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Healthy Food Drive Comes to Glen Cove Hospital

Donation bin is part of regional health initiative by Suffolk County Legis. William Spencer.

Glen Cove Hospital is one of seven North Shore LIJ hospitals hosting a new program aimed at collecting healthier food for Long Island’s pantries, announced Suffolk County Legislator William Spencer Tuesday at Huntington Hospital.

“In a world of fast food, constant temptation and delicious meals heavy on calories, carbs, sodium and fat, it can be hard to stay on the dietary straight-and-narrow,” said Spencer, who is also a medical doctor. “Buying and preparing healthy food requires money and time that some people just do not have.”

The program is a food drive for diabetes-friendly items. Donation bins are placed at the seven participating hospitals now through July 31.

Glen Cove, Huntington, Plainview, Franklin, Southside, Syosset and Forest Hills Hospitals are partners in the drive. The food is being collected by the Island Harvest food bank.

Spencer cited alarming increases in diabetes diagnoses across the country and on Long Island. A handout provided by his office reported that there are 250,000 Long Islanders living with diabetes, with a third of the region’s residents who are now under the age of 20 expected to be diagnosed in their lifetime.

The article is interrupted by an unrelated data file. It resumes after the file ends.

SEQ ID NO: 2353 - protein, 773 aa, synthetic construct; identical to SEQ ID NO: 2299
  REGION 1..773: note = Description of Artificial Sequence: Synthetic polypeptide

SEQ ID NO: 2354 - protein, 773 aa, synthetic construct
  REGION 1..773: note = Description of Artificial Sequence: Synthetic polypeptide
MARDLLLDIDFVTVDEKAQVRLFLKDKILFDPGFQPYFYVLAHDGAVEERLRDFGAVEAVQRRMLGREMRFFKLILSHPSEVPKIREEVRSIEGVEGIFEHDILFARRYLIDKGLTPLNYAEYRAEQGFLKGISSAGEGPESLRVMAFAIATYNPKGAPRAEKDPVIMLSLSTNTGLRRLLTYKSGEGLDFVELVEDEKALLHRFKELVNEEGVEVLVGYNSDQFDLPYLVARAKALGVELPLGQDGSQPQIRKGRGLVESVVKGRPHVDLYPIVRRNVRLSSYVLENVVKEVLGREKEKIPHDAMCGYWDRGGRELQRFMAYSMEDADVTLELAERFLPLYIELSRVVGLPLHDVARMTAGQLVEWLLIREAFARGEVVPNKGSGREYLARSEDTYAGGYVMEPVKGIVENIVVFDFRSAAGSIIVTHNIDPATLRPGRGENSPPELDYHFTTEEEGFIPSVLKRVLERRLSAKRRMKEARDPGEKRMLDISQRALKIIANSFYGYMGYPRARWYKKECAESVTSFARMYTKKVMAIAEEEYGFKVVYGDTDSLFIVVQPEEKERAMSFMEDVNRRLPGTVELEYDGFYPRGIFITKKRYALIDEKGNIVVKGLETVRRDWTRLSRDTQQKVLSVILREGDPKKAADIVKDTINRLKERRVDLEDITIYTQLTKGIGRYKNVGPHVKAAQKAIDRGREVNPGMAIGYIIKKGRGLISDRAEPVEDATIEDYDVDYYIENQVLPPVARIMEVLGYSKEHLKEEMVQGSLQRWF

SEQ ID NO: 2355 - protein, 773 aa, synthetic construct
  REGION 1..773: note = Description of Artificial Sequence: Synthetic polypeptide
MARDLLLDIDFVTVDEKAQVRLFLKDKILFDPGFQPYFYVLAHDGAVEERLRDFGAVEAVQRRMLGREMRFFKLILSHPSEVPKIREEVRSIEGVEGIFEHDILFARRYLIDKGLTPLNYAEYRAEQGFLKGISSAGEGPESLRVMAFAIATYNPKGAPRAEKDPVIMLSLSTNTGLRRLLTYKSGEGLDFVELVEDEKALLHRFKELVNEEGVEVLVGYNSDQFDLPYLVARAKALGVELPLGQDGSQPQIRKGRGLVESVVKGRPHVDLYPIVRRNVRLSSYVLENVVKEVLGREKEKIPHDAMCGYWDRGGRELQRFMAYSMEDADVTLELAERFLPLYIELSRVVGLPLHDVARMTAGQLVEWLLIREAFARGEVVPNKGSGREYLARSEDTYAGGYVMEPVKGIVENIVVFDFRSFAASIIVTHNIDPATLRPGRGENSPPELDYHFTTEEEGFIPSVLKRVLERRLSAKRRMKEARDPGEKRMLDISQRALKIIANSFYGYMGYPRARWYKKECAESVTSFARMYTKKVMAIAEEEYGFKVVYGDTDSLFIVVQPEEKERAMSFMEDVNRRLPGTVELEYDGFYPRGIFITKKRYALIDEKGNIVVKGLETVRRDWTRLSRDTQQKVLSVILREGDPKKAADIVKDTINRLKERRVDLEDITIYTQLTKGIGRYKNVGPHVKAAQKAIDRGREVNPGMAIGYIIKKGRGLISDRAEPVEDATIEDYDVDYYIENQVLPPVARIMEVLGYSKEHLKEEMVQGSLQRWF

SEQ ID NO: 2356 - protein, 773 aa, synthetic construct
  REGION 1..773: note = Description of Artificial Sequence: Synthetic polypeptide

“Many of these conditions are acquired through poor choices,” Spencer said. He noted that the disease is reversible through proper nutrition and lifestyle choices, and said the drive is as much about getting the public's attention about food choices as it is about getting food.

Island Harvest’s vice president of programs and agency relations, Nicole Christensen, said in a statement, “No one should be denied access to nutritionally balanced food because of unfortunate economic or other circumstances. Island Harvest is committed to promoting healthy eating habits and supplying good, healthy food to those we serve.”

Terence Smith, administrator for the Dolan Family Health Center at Huntington Hospital, said he was “ecstatic” over the program’s focus.

“I’ve always heard that we as a society don’t educate our physicians-in-training enough about nutrition,” he said, adding that many of the most common diseases plaguing Americans can be mitigated with proper choices about what foods people put in their bodies.

The food drive is the first phase of Spencer’s Healthy Communities Initiative, which his office said will include a series of programs in partnership with the Suffolk County Department of Health, offering free workshops, screenings and information to the public.

The drive comes one month after the hospital system held its , where chefs representing each of the 11 hospitals competed to create gourmet dishes that adhered to strict nutritional guidelines.

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